Editorial

Vaccination: Evidence And Data Analytics Important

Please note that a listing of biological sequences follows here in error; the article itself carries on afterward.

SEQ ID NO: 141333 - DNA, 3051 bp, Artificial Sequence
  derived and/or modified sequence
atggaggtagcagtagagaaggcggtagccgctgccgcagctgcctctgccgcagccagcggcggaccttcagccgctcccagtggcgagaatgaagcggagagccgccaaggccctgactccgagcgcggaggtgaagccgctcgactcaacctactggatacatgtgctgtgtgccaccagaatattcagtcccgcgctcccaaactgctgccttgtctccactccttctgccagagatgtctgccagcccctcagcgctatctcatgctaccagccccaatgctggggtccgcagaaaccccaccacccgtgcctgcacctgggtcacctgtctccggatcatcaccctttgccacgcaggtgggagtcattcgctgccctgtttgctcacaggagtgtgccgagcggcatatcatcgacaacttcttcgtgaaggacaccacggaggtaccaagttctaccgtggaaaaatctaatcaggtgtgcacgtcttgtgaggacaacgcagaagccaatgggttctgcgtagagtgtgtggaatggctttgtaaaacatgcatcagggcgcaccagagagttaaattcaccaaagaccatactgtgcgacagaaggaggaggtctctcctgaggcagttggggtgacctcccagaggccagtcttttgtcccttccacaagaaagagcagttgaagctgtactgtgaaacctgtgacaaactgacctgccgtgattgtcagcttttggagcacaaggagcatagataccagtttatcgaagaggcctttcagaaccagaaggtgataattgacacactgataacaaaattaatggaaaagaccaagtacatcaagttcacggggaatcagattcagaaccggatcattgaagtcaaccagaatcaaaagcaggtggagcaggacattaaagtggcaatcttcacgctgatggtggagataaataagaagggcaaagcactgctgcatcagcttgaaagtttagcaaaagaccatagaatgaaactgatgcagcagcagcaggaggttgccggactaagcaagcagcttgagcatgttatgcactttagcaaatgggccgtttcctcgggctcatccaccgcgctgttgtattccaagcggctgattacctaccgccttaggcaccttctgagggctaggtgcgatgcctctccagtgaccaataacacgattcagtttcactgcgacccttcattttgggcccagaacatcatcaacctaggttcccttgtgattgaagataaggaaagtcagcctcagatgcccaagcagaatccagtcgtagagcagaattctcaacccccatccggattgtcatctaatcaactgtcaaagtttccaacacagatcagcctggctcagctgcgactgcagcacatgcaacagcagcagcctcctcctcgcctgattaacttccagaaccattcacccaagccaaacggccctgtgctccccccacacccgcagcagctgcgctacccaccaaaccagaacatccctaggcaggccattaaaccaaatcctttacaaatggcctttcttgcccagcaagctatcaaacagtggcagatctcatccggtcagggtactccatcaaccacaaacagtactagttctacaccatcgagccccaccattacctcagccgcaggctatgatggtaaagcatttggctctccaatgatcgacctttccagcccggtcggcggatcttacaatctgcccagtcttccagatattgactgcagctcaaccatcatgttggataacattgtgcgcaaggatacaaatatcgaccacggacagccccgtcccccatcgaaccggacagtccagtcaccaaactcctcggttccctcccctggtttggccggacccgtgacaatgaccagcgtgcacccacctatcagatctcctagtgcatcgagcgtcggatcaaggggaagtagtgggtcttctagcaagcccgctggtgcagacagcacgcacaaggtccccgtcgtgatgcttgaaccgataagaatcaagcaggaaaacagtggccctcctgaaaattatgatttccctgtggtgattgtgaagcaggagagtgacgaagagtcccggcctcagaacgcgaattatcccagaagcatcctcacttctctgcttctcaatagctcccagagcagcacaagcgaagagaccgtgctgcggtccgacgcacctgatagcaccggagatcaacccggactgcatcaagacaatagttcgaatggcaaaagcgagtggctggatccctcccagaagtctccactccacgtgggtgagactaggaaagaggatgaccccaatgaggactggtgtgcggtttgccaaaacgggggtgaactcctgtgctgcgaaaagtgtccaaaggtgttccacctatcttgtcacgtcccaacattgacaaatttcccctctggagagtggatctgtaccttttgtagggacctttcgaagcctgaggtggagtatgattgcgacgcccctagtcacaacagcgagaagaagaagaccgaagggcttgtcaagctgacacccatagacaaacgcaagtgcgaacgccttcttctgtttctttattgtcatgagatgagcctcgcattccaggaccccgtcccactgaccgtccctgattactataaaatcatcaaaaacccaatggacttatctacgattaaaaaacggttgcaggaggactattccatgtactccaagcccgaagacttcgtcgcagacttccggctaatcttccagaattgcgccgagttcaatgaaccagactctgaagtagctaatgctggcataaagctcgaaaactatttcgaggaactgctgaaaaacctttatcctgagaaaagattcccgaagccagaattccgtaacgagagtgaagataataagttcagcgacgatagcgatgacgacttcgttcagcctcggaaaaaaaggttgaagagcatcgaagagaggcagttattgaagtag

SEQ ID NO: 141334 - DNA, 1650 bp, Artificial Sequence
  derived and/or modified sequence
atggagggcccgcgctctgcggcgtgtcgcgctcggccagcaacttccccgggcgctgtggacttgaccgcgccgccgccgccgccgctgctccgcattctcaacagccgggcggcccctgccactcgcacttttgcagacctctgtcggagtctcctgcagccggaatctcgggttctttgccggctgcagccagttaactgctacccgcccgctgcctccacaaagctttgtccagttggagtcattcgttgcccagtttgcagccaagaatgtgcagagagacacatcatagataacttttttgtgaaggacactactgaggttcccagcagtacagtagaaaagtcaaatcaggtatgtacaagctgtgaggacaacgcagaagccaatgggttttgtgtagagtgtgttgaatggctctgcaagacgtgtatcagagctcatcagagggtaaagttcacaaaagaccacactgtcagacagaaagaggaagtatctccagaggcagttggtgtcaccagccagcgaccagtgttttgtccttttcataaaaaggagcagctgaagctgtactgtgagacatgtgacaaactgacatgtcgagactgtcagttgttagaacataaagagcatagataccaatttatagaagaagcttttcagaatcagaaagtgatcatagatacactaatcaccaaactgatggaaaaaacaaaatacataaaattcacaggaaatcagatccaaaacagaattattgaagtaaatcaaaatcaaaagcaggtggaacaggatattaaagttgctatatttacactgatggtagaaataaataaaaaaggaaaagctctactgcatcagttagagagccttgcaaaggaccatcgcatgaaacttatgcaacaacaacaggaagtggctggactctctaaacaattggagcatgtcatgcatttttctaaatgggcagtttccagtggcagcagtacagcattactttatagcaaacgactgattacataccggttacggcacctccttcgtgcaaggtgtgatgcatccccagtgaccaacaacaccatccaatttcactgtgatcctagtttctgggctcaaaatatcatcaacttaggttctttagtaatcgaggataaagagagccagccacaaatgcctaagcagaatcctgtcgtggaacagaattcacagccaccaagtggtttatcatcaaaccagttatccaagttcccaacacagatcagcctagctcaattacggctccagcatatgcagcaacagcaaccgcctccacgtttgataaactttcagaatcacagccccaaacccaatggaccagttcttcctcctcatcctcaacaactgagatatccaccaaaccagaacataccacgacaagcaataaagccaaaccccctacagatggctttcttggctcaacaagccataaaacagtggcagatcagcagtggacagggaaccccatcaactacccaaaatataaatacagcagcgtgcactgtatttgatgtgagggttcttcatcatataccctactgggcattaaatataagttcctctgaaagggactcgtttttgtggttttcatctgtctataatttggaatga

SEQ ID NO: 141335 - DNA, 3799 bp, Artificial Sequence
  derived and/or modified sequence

In the COVID vaccine roll out, there is no clear data for either of the two vaccines proposed for use in the programme. We do not know if they provide protection for life, for a year or six months, its efficacy among the elderly or the very sick or in stopping new infections. Getting such data requires at least three years and cannot be obtained in a few months. India also does not have any advance purchase agreements for vaccines that have some of this data due to the completion of Phase 3 trials. The two vaccines to be used in India, have not completed the Phase 3 that confirm safety and efficacy when tried out on a large sample. Given these limitations, the government has drawn up strategic guidelines for implementing an ambitious vaccine programme covering 30 crore people by July. With meticulous attention to detail, the guidelines draw upon the knowledge of running national campaigns acquired over three decades of implementing the Universal Immunisation Programme that resulted in eradicating polio and protecting 75 per cent children against 14 vaccine preventable diseases. These guidelines detail the skills, roles and responsibilities of the required human resources, logistics for delivering vaccines at point of use, physical infrastructure, monitoring systems based on digital platforms and feedback systems for reporting adverse events. The approach involves 19 departments, donor organisations and NGOs at the national, state, district and block level. The guidelines also mention the priority criteria — caregivers, front line workers of the departments of health, defence, municipalities and transportation; persons above the age of 50 and those below 50 having diabetes, hypertension, cancers and lung diseases. In other words, the guidelines are a reference manual for what is to be done, by whom, when and how. The non-availability of efficacy data could also impact the procurement and supply of vaccines, result in huge wastage, and can introduce scope for errors and duplication. Instead of rolling out the programme throughout the country in one go and given the complexity of the line listing of priority groups, it may be useful to consider other options such as covering all at one time in an area, instead of sequencing them into different groups. The areas could be ranked on the basis of a vulnerability index built by triangulating data sets from disease burden, caseload of COVID infections, demographic profile, health-seeking behaviour and availability of infrastructure etc, block, district and state wise. Such an approach could enable having differential strategies to suit the health system capacities to organise, deliver and monitor. But central to the success of the roll out will be the confidence of the people in the vaccines. Non transparency of data, needless haste and opacity with which the licenses were given, worsened by caveats and conditions, strident defence by the ruling party in its attempt to stifle healthy conversation that could result in allaying doubts and fears, clumsy attempts to politicise the discourse by media channels have only deepened suspicions. The worst outcome is the denting of our international reputation and respect built over years of adherence to scientific rigour. Coming out of this messy situation is necessary and one option — as adopted for the polio eradication programme — is to establish an independent team of experts under the aegis of the WHO to ensure adherence to recruitment standards, consent conditions, adverse event record management, compensation standards, conditionalities required in emergency authorisation and trial conditions. This will create confidence in the community and international authorities as well. Finally, it is important to understand that vaccination is an incomplete solution to ending the epidemic, since the virus is mutating. Adopting safe behaviour is. Launching a nuanced communication strategy will be fundamental. The government can use its experience of controlling the HIV/AIDS epidemic. Science, evidence and data analytics needs to be the bedrock of the roll out policy, not politics and scoring brownie points for electoral advantages. The need of the hour is winning this battle that has drained us economically, socially and psychologically. That said, the decision to roll out the vaccine is a good start. Let’s keep our fingers crossed

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